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When court had ended, the King and Queen departed. The hobbits soon found themselves surrounded by curious Big Folk. But Freddy and Berilac were drawn aside by the Steward.
“The King wishes a private word with the two of you, Master Bolger and Master Brandybuck, regarding the two exiles you have brought to him for judgement.”
Freddy and Beri nodded, and followed Prince Faramir through a side door to the huge room, and down a short corridor. A guard stood in front of a door, but he gave a nod to the Steward, who opened it, and ushered the two hobbits in.
The King sat behind a large and rather battered table. To one side was a somewhat untidy stack of papers, and to the other side a lamp, unlit as it was unneeded in the light of day, which poured in through large windows on the wall to the right of the door. But most of the table was bare. A bookshelf crammed with volumes was behind the King’s chair, and atop it rested the winged crown he had worn before. Now he bore only a simple silver filet, with a gem in a star-like setting. His mantle of state hung from a hook upon the wall, and he wore a simple sleeveless doublet of dark grey velvet. The sleeves of his white shirt beneath had been pushed up to the elbows.
Freddy and Beri started to bow, but he shook his head, and waved a hand. “In this room I indulge myself by waiving formality,” he said.
There was one large chair next to the table, besides the one in which he sat, but then Freddy noticed that Faramir had moved to a corner and was bringing two smaller chairs forward—there had been four of them there. The chairs were higher in the seat than the large chair, but had rungs placed so as to make it easy for a hobbit to clamber up, and the seats were smaller, sized for hobbits. Freddy blinked in surprise.
Berilac, however, grinned. “I suppose those are chairs you had made for our cousins and Sam!” he said, his eyes twinkling.
“You suppose rightly, Master Brandybuck! Please, be seated.”
The two hobbits found it was a simple matter to use the rungs and climb up into the chairs, which were quite comfortable, though having his toes dangling above the floor made Freddy feel somewhat like a child again.
Faramir sat as well, in the other big chair, and the King leaned back.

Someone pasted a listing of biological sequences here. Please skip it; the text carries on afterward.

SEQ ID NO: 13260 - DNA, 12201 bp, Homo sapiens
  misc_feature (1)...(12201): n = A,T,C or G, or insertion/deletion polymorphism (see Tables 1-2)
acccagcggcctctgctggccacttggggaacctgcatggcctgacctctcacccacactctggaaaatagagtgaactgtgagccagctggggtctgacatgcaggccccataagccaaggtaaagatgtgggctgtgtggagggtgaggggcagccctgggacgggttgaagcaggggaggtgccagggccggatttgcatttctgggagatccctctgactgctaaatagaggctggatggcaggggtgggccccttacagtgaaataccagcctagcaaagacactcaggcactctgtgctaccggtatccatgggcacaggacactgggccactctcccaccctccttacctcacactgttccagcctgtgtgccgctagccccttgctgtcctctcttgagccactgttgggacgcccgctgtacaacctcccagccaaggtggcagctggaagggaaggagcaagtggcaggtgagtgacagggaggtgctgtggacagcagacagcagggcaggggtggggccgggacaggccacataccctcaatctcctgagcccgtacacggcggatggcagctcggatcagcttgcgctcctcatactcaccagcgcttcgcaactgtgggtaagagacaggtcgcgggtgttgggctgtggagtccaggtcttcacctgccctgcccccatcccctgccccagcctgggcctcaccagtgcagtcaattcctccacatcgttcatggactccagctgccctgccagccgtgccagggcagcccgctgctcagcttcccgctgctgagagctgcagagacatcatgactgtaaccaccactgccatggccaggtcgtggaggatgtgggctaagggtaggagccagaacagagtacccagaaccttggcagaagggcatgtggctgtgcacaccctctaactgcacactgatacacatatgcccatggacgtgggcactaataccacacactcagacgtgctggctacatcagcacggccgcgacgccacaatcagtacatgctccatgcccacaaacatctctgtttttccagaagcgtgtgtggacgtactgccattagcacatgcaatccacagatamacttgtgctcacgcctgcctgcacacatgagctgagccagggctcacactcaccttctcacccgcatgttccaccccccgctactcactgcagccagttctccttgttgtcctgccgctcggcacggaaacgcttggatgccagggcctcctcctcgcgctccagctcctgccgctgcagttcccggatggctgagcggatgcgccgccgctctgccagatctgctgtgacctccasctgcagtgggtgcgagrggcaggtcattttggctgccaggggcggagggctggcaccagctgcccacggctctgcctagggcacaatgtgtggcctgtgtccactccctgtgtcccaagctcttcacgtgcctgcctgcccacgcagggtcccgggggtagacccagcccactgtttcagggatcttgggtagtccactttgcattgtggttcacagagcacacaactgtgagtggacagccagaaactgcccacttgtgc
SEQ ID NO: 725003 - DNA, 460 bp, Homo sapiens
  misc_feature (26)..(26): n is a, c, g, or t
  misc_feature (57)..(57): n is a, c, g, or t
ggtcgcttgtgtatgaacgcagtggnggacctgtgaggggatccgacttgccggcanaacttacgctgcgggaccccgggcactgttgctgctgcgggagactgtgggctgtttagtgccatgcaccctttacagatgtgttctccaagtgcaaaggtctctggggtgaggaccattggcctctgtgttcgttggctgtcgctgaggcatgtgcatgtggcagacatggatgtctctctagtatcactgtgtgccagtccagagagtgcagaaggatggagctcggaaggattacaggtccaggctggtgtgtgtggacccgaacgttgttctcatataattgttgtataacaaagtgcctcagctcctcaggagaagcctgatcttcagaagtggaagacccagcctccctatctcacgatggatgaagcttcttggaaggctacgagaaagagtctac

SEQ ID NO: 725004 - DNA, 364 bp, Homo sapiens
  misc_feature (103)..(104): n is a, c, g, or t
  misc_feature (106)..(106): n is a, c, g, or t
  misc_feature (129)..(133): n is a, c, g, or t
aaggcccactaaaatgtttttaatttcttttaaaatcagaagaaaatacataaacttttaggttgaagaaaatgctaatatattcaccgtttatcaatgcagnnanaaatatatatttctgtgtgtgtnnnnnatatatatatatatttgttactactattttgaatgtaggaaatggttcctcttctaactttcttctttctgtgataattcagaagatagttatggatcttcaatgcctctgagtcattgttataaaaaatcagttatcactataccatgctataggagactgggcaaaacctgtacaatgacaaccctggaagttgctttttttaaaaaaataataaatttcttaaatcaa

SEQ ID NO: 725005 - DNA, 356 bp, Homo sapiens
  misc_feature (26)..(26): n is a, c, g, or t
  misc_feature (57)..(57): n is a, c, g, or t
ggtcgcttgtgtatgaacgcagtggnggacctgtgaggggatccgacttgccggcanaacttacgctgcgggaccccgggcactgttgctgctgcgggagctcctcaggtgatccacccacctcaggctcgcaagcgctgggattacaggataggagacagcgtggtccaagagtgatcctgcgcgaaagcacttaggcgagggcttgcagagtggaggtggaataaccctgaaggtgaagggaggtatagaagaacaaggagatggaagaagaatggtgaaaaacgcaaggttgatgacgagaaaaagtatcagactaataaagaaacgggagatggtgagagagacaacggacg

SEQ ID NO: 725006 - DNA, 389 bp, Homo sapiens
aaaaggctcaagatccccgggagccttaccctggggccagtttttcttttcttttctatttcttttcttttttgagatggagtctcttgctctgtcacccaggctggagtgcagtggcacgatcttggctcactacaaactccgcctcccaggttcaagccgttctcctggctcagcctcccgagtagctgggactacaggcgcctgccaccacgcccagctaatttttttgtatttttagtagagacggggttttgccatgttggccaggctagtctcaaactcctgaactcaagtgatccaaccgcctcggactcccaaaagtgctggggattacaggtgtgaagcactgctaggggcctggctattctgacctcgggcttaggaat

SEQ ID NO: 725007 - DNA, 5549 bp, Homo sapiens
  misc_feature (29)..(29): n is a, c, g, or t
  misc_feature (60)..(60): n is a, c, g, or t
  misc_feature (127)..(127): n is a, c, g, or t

He smiled at them, and Freddy was once more struck by just how much his smile transformed his rugged face. “I am happier than I can say to see all of you arrive safely here. “ He picked up a letter that lay atop the stack of papers, and Freddy recognized Frodo’s distinctive hand. “Frodo writes most fondly and highly of all of you. I look forward to getting to know you.”
Freddy found his voice. It was impossible to remain timid in the face of such good will. “And we are looking forward to getting to know you, sire.”
Elessar nodded. “Unfortunately, we also have the matter of Clodio Banks and Dago Bracegirdle to deal with. Captain Targon delivered the dispatch case last night, containing many of the documents that Frodo and the Thain had found, concerning the dealings of these two.”
Freddy and Beri nodded. Both of them had seen these troubling documents, detailing the partnership that Clodio Banks and Dago Bracegirdle had entered into with Lotho Sackville-Baggins. It was quite clear that Clodio had been motivated by ambition for the Banks family, while Dago had been motivated mostly by simple greed. Lotho had not exerted the sort of pressure on them as he had with a few other “investors”, who had found themselves fearing for their families.
“From what I can tell, Lotho Sackville-Baggins invited Dago into the partnership on the strength of his relationship to his mother, and it was Dago who then encouraged Clodio to join in on the scheme.”
“I know,” said Freddy, “that the three of them bought up a good deal of property that should not have been sold.”